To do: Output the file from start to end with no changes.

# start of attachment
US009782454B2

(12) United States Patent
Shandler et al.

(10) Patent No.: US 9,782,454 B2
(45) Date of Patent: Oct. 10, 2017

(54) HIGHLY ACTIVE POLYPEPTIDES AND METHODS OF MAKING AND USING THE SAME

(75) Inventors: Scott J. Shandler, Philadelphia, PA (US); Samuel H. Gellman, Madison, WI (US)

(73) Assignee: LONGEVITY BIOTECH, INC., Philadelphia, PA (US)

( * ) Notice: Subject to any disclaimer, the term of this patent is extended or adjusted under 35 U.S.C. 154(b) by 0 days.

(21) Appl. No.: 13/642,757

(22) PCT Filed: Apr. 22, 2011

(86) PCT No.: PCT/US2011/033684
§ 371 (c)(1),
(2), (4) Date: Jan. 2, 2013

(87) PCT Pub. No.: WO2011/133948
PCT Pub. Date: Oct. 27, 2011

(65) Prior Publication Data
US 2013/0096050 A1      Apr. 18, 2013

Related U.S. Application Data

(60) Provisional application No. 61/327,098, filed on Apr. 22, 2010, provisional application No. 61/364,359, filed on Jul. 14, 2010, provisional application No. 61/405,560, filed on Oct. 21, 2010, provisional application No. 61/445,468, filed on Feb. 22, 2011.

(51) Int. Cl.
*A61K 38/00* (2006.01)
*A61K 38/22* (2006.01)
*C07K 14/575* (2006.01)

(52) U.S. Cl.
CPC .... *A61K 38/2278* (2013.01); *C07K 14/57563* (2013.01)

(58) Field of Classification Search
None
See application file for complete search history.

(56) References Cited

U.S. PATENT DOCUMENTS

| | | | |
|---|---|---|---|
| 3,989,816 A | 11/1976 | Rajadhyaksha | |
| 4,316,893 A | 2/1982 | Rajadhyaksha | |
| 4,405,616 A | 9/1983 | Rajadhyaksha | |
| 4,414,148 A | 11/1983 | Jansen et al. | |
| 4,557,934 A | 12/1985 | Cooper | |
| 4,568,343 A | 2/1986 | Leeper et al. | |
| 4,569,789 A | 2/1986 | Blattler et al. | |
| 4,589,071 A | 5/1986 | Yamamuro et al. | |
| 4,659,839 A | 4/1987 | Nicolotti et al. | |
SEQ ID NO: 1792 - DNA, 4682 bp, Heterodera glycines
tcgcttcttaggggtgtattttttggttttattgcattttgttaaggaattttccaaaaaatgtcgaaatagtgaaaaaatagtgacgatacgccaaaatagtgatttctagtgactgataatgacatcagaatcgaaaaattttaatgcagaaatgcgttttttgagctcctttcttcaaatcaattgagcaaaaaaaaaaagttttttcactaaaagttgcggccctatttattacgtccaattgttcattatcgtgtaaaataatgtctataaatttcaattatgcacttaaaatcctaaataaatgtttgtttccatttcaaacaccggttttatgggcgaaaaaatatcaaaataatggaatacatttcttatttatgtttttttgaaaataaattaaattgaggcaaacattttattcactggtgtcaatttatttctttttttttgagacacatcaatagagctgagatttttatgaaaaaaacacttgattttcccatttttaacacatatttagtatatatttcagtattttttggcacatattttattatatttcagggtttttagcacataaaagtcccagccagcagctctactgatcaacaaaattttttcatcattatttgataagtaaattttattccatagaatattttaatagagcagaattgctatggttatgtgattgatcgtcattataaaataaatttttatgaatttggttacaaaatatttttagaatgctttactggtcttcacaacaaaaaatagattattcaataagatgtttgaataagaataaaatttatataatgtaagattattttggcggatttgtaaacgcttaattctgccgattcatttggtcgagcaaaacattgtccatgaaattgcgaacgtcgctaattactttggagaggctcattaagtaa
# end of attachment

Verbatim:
US009782454B2

(12) United States Patent
Shandler et al.

(10) Patent No.: US 9,782,454 B2
(45) Date of Patent: Oct. 10, 2017

(54) HIGHLY ACTIVE POLYPEPTIDES AND METHODS OF MAKING AND USING THE SAME

(75) Inventors: Scott J. Shandler, Philadelphia, PA (US); Samuel H. Gellman, Madison, WI (US)

(73) Assignee: LONGEVITY BIOTECH, INC., Philadelphia, PA (US)

( * ) Notice: Subject to any disclaimer, the term of this patent is extended or adjusted under 35 U.S.C. 154(b) by 0 days.

(21) Appl. No.: 13/642,757

(22) PCT Filed: Apr. 22, 2011

(86) PCT No.: PCT/US2011/033684
§ 371 (c)(1),
(2), (4) Date: Jan. 2, 2013

(87) PCT Pub. No.: WO2011/133948
PCT Pub. Date: Oct. 27, 2011

(65) Prior Publication Data
US 2013/0096050 A1      Apr. 18, 2013

Related U.S. Application Data

(60) Provisional application No. 61/327,098, filed on Apr. 22, 2010, provisional application No. 61/364,359, filed on Jul. 14, 2010, provisional application No. 61/405,560, filed on Oct. 21, 2010, provisional application No. 61/445,468, filed on Feb. 22, 2011.

(51) Int. Cl.
*A61K 38/00* (2006.01)
*A61K 38/22* (2006.01)
*C07K 14/575* (2006.01)

(52) U.S. Cl.
CPC .... *A61K 38/2278* (2013.01); *C07K 14/57563* (2013.01)

(58) Field of Classification Search
None
See application file for complete search history.

(56) References Cited

U.S. PATENT DOCUMENTS

| | | | |
|---|---|---|---|
| 3,989,816 A | 11/1976 | Rajadhyaksha | |
| 4,316,893 A | 2/1982 | Rajadhyaksha | |
| 4,405,616 A | 9/1983 | Rajadhyaksha | |
| 4,414,148 A | 11/1983 | Jansen et al. | |
| 4,557,934 A | 12/1985 | Cooper | |
| 4,568,343 A | 2/1986 | Leeper et al. | |
| 4,569,789 A | 2/1986 | Blattler et al. | |
| 4,589,071 A | 5/1986 | Yamamuro et al. | |
| 4,659,839 A | 4/1987 | Nicolotti et al. | |
SEQ ID NO: 1792 - DNA, 4682 bp, Heterodera glycines
tcgcttcttaggggtgtattttttggttttattgcattttgttaaggaattttccaaaaaatgtcgaaatagtgaaaaaatagtgacgatacgccaaaatagtgatttctagtgactgataatgacatcagaatcgaaaaattttaatgcagaaatgcgttttttgagctcctttcttcaaatcaattgagcaaaaaaaaaaagttttttcactaaaagttgcggccctatttattacgtccaattgttcattatcgtgtaaaataatgtctataaatttcaattatgcacttaaaatcctaaataaatgtttgtttccatttcaaacaccggttttatgggcgaaaaaatatcaaaataatggaatacatttcttatttatgtttttttgaaaataaattaaattgaggcaaacattttattcactggtgtcaatttatttctttttttttgagacacatcaatagagctgagatttttatgaaaaaaacacttgattttcccatttttaacacatatttagtatatatttcagtattttttggcacatattttattatatttcagggtttttagcacataaaagtcccagccagcagctctactgatcaacaaaattttttcatcattatttgataagtaaattttattccatagaatattttaatagagcagaattgctatggttatgtgattgatcgtcattataaaataaatttttatgaatttggttacaaaatatttttagaatgctttactggtcttcacaacaaaaaatagattattcaataagatgtttgaataagaataaaatttatataatgtaagattattttggcggatttgtaaacgcttaattctgccgattcatttggtcgagcaaaacattgtccatgaaattgcgaacgtcgctaattactttggagaggctcattaagtaa